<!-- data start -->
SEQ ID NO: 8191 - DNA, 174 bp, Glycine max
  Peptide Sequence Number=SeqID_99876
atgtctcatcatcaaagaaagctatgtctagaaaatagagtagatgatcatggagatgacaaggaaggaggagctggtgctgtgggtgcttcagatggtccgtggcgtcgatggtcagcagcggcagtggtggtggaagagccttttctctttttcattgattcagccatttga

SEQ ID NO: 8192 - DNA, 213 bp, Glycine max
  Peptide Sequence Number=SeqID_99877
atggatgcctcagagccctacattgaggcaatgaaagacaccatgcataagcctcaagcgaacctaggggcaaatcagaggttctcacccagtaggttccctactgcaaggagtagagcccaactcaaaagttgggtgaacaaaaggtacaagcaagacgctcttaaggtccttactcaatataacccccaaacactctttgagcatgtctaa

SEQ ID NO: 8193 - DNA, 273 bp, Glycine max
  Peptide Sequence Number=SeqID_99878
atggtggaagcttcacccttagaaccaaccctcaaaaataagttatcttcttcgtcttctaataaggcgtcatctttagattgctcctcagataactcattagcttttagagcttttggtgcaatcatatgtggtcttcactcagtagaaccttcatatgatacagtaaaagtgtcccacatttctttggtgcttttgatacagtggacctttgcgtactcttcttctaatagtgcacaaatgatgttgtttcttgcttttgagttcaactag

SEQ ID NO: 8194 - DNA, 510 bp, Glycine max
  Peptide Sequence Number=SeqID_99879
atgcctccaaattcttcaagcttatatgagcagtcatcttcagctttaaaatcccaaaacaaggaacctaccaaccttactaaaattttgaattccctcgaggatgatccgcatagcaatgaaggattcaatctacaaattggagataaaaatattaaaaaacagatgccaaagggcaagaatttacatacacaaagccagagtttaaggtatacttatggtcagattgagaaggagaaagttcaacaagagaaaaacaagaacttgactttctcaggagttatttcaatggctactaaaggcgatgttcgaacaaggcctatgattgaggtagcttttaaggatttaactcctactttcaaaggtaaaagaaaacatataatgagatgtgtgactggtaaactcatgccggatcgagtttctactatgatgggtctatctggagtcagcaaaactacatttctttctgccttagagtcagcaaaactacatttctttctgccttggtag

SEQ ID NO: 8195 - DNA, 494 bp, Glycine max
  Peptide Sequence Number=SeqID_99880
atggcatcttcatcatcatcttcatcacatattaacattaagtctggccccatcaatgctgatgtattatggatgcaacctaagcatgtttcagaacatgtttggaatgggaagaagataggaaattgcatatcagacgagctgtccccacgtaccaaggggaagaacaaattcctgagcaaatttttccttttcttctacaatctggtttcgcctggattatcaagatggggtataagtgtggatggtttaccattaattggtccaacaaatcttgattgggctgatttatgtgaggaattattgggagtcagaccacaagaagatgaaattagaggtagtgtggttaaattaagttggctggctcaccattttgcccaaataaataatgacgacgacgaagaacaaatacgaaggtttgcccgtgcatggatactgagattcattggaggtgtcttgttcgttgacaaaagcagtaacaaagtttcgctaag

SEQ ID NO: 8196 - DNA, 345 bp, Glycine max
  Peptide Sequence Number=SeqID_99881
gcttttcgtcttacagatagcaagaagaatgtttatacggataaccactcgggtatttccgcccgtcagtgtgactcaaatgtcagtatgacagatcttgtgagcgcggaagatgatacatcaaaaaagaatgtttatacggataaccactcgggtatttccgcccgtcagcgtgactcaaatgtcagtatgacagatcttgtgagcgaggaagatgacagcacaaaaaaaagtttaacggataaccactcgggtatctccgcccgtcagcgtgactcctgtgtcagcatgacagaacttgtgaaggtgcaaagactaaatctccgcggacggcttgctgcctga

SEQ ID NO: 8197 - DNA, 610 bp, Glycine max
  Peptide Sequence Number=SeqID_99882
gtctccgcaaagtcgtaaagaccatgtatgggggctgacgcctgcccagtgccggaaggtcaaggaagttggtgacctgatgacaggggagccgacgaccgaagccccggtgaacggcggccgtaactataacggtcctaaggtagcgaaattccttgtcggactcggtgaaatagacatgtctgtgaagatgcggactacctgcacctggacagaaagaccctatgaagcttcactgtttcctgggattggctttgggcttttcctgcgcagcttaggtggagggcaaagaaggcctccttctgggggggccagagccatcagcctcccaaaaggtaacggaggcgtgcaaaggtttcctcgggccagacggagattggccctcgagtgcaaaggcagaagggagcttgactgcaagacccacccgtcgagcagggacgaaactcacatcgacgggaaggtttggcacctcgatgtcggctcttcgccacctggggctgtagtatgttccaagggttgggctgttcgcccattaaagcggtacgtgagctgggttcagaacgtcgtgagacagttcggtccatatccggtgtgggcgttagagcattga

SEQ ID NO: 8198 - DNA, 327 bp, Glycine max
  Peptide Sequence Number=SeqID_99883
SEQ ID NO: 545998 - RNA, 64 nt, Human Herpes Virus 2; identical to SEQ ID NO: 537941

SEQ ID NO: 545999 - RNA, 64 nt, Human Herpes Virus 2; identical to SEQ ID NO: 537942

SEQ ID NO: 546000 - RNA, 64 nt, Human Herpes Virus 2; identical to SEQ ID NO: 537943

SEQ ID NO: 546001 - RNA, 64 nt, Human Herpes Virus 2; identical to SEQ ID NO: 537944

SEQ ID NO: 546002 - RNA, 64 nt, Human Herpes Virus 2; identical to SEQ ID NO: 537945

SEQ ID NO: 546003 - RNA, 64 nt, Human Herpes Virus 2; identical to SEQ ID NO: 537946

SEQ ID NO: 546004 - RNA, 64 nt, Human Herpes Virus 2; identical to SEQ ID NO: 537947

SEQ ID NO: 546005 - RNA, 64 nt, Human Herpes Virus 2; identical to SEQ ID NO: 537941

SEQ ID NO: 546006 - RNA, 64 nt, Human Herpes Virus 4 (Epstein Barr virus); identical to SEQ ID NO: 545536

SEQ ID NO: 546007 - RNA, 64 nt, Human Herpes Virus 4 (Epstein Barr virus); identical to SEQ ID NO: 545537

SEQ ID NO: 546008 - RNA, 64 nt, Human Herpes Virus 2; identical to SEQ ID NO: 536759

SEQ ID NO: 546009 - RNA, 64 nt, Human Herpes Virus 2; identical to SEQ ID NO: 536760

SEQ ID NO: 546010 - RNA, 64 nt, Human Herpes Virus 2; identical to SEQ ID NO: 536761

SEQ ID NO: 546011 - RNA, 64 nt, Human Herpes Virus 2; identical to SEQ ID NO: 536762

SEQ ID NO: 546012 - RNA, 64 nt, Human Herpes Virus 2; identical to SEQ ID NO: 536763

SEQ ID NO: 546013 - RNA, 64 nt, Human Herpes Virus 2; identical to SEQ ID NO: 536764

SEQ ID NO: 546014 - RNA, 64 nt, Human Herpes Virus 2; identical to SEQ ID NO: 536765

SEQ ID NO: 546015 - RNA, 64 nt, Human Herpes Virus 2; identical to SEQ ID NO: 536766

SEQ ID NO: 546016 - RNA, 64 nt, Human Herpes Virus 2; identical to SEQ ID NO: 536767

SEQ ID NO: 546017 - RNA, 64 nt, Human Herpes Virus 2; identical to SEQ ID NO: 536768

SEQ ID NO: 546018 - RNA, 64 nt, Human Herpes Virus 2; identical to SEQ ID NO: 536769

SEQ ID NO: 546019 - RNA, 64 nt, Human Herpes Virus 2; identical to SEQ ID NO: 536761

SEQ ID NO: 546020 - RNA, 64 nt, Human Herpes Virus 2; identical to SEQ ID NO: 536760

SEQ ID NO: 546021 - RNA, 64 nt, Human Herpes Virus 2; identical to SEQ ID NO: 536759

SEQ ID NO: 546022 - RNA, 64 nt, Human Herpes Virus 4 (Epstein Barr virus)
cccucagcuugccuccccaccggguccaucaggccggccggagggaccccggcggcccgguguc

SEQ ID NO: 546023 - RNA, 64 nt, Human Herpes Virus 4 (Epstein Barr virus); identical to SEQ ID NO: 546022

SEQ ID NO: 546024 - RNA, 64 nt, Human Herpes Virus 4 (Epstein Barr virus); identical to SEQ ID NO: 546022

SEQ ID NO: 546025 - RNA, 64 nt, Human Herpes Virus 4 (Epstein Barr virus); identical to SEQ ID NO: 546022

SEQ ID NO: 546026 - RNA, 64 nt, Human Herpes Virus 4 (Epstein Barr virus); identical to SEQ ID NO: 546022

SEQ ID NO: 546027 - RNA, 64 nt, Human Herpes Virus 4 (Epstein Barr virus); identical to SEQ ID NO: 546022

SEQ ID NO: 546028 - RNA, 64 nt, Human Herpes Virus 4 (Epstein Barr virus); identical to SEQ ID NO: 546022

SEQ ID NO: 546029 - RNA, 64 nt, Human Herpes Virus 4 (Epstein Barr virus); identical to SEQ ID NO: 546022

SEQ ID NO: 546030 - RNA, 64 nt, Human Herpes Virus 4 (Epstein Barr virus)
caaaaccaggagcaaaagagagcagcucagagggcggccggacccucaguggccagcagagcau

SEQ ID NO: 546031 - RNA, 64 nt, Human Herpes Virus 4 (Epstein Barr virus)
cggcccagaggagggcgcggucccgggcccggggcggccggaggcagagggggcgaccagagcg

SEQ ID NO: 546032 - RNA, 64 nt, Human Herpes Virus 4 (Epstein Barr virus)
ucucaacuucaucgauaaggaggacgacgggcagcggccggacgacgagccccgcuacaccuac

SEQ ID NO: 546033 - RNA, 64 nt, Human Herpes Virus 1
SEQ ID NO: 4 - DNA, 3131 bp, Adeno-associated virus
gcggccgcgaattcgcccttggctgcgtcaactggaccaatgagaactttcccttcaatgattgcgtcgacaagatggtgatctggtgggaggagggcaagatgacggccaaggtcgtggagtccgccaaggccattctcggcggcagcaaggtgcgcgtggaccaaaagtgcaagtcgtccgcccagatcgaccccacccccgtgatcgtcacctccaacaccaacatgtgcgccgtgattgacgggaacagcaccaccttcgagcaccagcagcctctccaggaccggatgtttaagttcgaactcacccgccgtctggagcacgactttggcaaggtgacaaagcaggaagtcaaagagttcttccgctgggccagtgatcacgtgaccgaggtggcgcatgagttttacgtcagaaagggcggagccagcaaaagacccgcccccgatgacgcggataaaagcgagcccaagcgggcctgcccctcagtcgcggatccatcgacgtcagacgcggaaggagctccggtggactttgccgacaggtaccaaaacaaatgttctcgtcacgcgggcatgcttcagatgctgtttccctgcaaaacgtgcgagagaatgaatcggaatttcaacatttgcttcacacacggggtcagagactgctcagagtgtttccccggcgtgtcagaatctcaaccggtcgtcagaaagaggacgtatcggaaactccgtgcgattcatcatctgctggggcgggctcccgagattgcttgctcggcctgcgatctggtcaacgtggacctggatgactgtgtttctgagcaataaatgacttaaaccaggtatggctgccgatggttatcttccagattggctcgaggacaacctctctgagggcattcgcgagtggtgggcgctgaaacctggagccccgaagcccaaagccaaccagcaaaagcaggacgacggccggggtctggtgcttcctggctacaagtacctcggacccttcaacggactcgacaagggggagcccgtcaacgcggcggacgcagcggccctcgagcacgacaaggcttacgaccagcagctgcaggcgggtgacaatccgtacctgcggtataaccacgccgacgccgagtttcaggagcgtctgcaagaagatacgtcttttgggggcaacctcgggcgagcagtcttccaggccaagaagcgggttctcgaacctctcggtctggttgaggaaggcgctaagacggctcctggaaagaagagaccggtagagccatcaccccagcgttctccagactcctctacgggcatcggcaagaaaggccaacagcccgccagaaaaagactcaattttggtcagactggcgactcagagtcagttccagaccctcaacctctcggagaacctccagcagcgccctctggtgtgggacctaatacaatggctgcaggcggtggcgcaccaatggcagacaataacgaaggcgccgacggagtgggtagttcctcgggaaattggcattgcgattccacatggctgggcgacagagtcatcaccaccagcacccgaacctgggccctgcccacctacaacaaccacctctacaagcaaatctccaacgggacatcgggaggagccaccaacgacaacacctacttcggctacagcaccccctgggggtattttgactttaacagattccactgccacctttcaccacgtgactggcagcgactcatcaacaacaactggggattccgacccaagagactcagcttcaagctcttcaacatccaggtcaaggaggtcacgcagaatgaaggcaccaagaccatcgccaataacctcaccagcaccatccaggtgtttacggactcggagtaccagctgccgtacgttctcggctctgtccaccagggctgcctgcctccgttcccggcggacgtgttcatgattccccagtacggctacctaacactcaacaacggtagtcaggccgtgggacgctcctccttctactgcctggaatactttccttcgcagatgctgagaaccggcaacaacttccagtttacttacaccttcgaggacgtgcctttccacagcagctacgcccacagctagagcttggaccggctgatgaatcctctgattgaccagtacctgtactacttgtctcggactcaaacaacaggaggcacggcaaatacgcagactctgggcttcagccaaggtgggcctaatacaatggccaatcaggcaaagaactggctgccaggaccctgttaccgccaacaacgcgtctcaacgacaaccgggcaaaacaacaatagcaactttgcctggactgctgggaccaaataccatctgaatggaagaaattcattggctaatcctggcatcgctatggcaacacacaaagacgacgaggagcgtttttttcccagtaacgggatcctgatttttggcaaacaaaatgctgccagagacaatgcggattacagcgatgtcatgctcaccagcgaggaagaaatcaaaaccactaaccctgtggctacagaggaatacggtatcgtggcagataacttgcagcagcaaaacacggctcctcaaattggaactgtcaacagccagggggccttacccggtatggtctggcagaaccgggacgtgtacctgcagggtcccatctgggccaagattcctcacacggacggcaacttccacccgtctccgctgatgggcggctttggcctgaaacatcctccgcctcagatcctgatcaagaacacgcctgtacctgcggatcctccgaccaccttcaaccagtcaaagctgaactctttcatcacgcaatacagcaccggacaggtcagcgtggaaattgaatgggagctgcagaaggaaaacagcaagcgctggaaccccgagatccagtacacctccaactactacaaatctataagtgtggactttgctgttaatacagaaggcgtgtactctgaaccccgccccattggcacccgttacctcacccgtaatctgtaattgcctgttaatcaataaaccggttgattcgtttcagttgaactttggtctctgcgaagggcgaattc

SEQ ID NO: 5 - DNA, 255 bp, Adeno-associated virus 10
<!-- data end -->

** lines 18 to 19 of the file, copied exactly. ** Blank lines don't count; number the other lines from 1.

gcttttcgtcttacagatagcaagaagaatgtttatacggataaccactcgggtatttccgcccgtcagtgtgactcaaatgtcagtatgacagatcttgtgagcgcggaagatgatacatcaaaaaagaatgtttatacggataaccactcgggtatttccgcccgtcagcgtgactcaaatgtcagtatgacagatcttgtgagcgaggaagatgacagcacaaaaaaaagtttaacggataaccactcgggtatctccgcccgtcagcgtgactcctgtgtcagcatgacagaacttgtgaaggtgcaaagactaaatctccgcggacggcttgctgcctga

SEQ ID NO: 8197 - DNA, 610 bp, Glycine max